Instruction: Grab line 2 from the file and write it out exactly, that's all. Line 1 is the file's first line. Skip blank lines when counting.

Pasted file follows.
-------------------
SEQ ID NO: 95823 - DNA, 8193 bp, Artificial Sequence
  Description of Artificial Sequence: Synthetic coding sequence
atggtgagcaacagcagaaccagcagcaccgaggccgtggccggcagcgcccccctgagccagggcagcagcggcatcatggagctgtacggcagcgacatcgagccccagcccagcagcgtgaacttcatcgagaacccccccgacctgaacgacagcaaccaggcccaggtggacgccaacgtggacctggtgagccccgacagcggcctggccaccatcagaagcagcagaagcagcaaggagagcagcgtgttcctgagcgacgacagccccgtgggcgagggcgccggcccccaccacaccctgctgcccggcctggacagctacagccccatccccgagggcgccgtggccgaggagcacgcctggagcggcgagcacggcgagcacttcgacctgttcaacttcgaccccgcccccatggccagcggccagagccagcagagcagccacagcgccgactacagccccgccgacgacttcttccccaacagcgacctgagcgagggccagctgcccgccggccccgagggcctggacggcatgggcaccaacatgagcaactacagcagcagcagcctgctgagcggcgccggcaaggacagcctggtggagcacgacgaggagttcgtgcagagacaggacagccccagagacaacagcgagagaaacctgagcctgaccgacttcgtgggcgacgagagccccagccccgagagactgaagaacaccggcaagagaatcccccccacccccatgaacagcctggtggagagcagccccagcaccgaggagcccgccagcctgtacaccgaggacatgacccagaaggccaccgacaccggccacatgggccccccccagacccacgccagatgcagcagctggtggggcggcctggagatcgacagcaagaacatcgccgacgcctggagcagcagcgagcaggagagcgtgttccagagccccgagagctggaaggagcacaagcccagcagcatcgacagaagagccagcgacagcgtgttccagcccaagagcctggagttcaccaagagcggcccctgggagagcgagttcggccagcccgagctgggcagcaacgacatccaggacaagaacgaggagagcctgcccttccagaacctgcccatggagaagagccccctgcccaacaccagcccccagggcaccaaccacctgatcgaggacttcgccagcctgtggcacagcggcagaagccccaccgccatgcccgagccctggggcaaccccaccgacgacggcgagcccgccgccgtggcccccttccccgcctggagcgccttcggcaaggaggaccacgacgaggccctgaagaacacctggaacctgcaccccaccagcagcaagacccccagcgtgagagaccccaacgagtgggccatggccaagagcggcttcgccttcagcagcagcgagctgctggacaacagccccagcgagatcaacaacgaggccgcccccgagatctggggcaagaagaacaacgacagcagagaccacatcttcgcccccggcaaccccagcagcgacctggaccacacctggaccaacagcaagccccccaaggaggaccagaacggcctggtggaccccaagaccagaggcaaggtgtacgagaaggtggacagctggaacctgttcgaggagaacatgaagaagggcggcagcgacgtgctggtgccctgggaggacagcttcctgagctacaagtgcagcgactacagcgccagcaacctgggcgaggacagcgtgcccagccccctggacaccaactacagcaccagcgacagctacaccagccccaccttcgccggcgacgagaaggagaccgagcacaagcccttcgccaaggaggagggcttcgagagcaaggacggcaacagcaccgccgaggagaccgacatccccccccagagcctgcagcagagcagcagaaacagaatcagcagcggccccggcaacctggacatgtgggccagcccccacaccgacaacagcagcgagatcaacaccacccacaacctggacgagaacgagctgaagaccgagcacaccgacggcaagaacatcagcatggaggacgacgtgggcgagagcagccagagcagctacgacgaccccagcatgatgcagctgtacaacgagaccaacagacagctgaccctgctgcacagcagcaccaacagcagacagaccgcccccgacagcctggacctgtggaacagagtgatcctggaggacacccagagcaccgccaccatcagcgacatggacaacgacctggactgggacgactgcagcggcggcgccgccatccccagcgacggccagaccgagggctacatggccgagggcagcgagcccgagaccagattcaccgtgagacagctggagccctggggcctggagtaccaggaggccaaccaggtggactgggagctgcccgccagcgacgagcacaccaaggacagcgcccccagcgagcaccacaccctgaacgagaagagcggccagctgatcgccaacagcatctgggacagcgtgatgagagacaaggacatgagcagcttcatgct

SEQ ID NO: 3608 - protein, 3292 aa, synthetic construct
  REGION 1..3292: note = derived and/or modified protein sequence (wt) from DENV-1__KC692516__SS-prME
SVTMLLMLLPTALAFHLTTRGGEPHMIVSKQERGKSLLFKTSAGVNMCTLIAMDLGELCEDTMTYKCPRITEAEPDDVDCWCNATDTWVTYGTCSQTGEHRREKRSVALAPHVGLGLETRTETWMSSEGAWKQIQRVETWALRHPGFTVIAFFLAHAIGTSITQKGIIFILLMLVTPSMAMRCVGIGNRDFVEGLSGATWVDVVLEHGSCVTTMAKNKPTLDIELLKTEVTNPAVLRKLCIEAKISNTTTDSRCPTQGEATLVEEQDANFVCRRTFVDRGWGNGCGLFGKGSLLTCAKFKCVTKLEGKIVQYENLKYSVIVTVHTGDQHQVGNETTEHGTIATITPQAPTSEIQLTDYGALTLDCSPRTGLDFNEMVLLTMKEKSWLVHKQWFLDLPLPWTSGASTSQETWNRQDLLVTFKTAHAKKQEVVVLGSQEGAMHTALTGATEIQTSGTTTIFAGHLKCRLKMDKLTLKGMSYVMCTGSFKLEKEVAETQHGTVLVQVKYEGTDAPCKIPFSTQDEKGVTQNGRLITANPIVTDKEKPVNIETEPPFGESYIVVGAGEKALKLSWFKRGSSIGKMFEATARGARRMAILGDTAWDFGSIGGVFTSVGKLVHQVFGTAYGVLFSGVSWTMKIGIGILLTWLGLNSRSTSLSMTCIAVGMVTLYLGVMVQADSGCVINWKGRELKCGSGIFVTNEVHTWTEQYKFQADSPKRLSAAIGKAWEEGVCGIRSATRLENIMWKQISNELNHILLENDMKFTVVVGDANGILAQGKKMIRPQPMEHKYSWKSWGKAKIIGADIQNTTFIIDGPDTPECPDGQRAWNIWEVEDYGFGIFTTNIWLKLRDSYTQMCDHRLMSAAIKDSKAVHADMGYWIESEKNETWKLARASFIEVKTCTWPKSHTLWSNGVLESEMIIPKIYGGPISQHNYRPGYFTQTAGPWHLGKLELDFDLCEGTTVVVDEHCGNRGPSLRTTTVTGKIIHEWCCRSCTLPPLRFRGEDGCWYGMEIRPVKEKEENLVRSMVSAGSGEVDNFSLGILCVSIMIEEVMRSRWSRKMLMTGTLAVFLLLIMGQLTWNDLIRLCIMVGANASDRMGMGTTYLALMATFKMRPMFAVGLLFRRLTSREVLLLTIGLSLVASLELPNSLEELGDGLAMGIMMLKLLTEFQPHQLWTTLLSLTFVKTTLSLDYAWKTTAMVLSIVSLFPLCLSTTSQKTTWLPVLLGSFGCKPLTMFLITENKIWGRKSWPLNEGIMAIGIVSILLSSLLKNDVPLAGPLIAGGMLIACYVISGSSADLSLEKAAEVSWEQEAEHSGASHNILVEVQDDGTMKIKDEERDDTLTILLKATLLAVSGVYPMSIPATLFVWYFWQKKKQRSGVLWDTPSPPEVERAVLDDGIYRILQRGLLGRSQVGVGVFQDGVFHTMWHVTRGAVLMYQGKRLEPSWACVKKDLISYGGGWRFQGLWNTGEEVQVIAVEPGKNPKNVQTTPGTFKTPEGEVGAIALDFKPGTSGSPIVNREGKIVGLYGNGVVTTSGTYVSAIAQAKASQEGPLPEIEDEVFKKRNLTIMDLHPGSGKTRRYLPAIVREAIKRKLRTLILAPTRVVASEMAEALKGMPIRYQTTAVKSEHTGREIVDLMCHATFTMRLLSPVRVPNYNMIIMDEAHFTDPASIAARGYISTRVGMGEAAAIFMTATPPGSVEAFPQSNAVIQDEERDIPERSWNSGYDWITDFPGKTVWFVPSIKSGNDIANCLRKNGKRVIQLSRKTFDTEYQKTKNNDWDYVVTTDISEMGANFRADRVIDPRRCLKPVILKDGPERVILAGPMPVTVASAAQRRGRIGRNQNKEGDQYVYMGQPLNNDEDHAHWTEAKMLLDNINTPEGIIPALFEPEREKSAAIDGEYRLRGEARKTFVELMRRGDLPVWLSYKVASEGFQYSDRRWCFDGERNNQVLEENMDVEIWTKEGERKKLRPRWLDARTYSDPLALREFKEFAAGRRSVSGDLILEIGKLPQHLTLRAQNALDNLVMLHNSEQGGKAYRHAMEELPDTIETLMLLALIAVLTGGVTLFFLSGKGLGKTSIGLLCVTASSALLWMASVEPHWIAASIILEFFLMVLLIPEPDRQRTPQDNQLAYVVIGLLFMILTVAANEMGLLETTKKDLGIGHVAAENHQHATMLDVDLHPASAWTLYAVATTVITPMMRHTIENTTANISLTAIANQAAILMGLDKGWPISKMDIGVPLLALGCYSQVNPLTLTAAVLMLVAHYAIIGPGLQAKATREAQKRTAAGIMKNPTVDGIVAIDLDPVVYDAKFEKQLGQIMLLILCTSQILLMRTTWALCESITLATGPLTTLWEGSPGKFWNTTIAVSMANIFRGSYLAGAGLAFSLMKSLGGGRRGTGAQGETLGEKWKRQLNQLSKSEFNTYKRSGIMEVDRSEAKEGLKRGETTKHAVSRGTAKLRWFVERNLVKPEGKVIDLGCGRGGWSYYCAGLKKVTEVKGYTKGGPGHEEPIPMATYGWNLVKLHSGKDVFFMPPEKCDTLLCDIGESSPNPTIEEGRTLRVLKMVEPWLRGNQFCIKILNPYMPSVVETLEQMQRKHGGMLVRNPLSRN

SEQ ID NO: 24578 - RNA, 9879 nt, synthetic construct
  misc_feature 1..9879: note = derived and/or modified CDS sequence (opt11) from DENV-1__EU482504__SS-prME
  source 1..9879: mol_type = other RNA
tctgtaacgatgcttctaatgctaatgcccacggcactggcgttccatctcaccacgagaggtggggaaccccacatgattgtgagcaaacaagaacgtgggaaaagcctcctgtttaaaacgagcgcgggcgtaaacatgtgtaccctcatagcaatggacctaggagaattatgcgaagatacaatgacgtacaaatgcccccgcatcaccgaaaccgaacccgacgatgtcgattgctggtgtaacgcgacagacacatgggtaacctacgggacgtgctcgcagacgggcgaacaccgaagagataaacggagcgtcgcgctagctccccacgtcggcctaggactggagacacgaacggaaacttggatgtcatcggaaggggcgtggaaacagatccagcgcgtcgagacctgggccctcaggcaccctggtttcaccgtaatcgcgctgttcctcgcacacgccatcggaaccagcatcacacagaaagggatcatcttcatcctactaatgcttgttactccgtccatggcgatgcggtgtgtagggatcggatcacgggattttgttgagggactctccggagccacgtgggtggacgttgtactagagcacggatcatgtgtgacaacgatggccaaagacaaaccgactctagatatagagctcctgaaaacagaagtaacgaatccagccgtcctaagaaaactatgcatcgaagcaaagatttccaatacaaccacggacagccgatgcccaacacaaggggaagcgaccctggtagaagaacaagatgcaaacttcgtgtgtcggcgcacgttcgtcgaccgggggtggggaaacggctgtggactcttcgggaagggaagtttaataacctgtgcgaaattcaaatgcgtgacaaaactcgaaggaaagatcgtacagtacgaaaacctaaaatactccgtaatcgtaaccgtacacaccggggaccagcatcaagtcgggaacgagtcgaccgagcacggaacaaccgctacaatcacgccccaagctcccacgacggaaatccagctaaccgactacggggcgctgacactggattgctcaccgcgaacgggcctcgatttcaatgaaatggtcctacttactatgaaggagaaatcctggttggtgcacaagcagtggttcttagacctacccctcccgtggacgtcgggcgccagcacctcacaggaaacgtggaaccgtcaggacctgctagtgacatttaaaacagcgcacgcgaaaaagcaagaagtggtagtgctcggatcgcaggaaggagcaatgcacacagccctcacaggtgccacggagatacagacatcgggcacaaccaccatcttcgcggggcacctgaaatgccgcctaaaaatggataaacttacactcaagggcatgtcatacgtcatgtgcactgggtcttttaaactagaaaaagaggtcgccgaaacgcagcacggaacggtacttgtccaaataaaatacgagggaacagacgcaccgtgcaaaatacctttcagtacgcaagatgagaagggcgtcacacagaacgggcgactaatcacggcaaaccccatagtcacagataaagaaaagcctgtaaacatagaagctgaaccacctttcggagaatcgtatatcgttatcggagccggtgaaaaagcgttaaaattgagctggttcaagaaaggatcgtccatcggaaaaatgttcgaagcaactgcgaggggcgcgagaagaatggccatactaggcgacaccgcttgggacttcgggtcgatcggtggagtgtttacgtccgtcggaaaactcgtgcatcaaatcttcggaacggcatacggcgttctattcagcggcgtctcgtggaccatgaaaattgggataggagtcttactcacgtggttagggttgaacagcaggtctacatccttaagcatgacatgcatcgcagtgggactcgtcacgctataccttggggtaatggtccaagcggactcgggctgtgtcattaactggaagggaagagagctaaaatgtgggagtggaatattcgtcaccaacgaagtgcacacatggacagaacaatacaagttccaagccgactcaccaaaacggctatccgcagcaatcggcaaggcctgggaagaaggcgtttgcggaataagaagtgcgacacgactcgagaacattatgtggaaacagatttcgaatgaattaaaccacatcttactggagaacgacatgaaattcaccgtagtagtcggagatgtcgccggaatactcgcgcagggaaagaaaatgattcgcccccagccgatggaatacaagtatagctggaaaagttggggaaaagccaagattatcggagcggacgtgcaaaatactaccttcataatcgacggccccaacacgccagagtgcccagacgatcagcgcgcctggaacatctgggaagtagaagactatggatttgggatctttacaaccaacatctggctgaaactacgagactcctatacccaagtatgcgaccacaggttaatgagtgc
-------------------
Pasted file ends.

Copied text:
  Description of Artificial Sequence: Synthetic coding sequence